It all remains to be seen.
In general, I’m a big “You get what you pay for” kind of traveler. If you pay for upgrades or premium services you are generally going to have a better experience. I’m curious to see what people think after this all rolls out.
Will my family use the Disney Genie Service?
As someone who likes to stay in the know on all things Disney World, I’m sure my family will give Disney Genie+ a try at least once. I write about a lot of Disney things here on the blog and I can see us trying this with the intent to pass along our experiences to you. Whether that extra $180 or so is going to be a regular part of our Disney World budgeting, I can’t say yet.
That said, I have some pretty strong feelings about the fact that Disney is charging guests for FastPasses. I understand the need for change. I also understand that Disney is a business and that businesses – no matter how magical – want to make money.
I completely understood when Disney reduced some of the guest experiences when they reopened after their pandemic shutdown. They were operating with a new playbook and I saw the things they took away (Extra Magic Hours, Character Dining, fireworks and nighttime spectaculars, and of course, FastPasses) as an effort to keep guests safe while giving them some sort of normalcy in a time where magic and wonder were needed more than ever.
In the past few months, Disney has announced the termination of Disney’s Magical Express, which was long touted as a perk of staying on property, the news that extended hours would apply only to guests staying in a certain tier of Walt Disney World Resort hotels and now a service that has been traditionally free is going to be a substantial upcharge.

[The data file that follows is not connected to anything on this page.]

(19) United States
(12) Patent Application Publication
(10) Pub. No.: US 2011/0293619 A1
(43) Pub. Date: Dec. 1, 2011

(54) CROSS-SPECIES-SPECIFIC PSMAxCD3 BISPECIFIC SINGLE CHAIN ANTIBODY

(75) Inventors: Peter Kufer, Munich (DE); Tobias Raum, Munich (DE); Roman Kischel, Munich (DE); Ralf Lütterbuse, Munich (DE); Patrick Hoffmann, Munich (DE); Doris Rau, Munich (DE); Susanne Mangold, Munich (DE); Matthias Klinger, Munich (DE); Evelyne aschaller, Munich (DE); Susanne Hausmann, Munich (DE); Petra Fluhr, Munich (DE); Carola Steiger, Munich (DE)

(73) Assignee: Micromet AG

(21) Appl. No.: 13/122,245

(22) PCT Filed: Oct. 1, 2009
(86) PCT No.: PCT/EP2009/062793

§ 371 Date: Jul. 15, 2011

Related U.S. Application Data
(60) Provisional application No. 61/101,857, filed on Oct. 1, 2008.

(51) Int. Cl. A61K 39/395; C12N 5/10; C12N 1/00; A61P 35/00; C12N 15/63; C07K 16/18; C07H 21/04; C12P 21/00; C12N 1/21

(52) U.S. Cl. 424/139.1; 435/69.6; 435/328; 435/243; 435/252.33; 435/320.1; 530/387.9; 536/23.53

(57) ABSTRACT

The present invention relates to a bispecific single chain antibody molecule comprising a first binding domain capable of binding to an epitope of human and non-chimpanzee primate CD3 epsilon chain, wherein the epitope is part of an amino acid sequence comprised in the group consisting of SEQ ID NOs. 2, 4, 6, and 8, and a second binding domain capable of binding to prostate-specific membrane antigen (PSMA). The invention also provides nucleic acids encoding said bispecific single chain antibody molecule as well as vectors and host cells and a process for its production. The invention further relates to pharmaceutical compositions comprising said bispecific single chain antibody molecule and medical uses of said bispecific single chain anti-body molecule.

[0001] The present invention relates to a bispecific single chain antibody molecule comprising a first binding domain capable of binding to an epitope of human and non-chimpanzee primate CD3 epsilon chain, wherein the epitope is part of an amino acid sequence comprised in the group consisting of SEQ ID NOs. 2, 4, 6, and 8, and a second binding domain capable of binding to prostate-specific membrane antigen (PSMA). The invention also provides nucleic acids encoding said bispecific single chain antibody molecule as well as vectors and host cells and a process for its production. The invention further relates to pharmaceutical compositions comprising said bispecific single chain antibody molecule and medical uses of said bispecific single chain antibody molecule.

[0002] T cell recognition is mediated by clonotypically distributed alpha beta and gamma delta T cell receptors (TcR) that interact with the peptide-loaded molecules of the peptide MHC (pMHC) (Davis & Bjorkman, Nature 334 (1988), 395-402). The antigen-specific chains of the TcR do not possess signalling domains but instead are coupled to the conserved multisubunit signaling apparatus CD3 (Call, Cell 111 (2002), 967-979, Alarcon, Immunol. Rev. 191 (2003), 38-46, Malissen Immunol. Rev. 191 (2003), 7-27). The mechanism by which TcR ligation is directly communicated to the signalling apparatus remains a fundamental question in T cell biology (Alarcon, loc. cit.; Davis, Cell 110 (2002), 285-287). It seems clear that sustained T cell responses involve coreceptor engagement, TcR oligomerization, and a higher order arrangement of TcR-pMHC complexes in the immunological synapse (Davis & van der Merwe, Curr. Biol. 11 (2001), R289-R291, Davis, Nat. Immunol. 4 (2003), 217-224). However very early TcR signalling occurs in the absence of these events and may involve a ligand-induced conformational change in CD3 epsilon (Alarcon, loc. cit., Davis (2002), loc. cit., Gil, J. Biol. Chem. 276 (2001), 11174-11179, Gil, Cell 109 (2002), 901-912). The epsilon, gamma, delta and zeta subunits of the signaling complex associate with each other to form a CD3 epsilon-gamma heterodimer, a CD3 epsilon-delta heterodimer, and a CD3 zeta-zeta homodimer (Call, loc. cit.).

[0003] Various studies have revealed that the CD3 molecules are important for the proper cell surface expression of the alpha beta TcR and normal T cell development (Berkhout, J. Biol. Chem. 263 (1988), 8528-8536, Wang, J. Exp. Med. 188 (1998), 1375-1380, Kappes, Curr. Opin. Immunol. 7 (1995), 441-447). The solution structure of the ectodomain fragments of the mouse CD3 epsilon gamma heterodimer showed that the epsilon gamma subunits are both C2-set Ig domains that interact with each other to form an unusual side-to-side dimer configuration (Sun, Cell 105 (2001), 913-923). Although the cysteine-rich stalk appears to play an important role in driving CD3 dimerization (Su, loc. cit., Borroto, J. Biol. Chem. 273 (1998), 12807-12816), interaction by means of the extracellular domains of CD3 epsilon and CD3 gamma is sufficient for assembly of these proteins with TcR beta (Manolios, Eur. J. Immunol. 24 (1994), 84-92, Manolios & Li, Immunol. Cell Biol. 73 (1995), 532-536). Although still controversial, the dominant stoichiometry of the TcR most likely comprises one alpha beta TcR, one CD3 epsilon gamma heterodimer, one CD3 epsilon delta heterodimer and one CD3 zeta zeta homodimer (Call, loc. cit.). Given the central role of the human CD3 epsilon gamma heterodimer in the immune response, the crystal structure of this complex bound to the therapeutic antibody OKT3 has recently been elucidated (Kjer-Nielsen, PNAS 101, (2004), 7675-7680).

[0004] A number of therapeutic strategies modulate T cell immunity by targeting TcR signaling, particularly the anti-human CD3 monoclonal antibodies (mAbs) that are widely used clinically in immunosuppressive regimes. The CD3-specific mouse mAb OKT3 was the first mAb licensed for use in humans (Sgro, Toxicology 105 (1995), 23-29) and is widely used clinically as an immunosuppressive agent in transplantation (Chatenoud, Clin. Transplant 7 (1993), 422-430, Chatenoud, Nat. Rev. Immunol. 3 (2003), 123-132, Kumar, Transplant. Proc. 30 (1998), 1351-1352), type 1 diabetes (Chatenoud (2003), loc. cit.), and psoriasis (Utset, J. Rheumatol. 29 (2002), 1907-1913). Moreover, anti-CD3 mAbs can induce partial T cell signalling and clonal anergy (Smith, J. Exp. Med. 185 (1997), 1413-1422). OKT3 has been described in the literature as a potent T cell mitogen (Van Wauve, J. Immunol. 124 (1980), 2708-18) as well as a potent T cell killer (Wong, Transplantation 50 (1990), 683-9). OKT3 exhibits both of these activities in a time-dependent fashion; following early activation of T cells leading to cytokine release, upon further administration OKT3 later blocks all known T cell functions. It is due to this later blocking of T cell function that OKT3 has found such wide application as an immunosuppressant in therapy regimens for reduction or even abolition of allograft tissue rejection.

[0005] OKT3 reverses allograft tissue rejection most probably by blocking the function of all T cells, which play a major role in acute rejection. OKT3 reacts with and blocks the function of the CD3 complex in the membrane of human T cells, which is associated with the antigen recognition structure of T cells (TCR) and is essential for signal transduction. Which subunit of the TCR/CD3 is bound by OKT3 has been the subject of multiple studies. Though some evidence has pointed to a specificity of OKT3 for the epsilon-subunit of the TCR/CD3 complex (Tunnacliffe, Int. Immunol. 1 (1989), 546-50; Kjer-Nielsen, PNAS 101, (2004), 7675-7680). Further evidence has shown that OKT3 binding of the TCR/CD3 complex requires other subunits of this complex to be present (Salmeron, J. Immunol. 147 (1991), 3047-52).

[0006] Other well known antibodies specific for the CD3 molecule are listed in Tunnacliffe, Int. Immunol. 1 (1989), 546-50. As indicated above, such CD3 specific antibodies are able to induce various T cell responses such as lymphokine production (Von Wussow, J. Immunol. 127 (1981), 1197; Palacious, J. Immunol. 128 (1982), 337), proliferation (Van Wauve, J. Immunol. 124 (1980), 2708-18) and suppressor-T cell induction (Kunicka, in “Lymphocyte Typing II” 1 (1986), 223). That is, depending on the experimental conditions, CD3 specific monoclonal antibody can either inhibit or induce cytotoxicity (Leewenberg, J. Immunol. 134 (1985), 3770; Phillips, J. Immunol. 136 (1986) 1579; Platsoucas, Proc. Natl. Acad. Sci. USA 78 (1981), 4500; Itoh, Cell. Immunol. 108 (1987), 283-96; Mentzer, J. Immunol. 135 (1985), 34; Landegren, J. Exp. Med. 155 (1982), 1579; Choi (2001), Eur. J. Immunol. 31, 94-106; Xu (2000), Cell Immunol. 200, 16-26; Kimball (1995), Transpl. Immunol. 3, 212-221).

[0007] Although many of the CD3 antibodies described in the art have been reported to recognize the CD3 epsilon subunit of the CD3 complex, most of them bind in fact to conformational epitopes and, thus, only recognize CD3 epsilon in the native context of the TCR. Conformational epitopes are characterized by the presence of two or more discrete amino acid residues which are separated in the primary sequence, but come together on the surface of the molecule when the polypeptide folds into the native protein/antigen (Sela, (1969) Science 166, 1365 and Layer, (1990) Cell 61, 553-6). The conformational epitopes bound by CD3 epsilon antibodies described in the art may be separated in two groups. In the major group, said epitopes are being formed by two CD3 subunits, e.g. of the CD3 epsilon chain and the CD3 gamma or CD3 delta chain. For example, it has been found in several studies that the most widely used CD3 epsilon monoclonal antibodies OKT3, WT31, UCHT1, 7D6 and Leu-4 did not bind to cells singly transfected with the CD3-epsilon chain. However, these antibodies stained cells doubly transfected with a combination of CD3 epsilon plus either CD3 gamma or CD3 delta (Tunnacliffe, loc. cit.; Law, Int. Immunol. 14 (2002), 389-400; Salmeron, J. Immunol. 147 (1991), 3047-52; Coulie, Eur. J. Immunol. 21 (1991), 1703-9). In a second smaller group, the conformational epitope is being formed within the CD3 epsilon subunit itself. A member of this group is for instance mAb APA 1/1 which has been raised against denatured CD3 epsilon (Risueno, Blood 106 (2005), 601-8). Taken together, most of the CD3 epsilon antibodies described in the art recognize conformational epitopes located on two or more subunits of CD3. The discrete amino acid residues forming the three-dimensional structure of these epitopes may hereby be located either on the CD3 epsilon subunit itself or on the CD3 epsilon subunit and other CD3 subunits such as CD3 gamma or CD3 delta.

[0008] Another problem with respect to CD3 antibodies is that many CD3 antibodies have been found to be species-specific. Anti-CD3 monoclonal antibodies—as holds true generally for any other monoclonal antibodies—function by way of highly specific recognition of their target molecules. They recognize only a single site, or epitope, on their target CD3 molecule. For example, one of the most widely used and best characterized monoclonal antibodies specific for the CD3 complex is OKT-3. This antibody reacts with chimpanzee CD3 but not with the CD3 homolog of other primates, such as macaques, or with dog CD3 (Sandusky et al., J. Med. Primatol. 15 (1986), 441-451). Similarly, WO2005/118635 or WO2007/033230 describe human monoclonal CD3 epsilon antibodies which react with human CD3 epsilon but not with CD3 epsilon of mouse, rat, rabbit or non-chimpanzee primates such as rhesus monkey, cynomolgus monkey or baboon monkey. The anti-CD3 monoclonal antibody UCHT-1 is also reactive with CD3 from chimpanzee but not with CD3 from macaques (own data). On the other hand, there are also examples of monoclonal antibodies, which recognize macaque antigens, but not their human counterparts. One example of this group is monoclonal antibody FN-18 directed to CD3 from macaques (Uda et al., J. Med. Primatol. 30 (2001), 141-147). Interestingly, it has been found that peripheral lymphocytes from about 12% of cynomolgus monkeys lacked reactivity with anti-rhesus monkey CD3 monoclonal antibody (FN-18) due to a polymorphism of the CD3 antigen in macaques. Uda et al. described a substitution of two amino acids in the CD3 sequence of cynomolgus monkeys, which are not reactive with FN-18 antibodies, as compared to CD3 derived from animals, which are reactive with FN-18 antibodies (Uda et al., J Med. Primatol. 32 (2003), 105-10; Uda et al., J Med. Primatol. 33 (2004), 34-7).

While I’ll probably pay it, the fact that Disney is giving off major nickel and dimey vibes is making me unhappy. Too much change too soon – especially when that change is lightening the pockets of a loyal fanbase – is usually not going to be embraced. Part of me is hoping that they’re taking the bandaid approach and are just ripping it off all at once to get it over with. Part of me is wondering when the other slipper will drop and what previously free thing they’re going to charge me for next.
Disney has made a big inclusiveness push lately and sent a strong message that Disney is for everyone. Disney was already expensive and they’re slowly whittling away at the perks, thereby sending the message that Disney is for everyone that can afford it.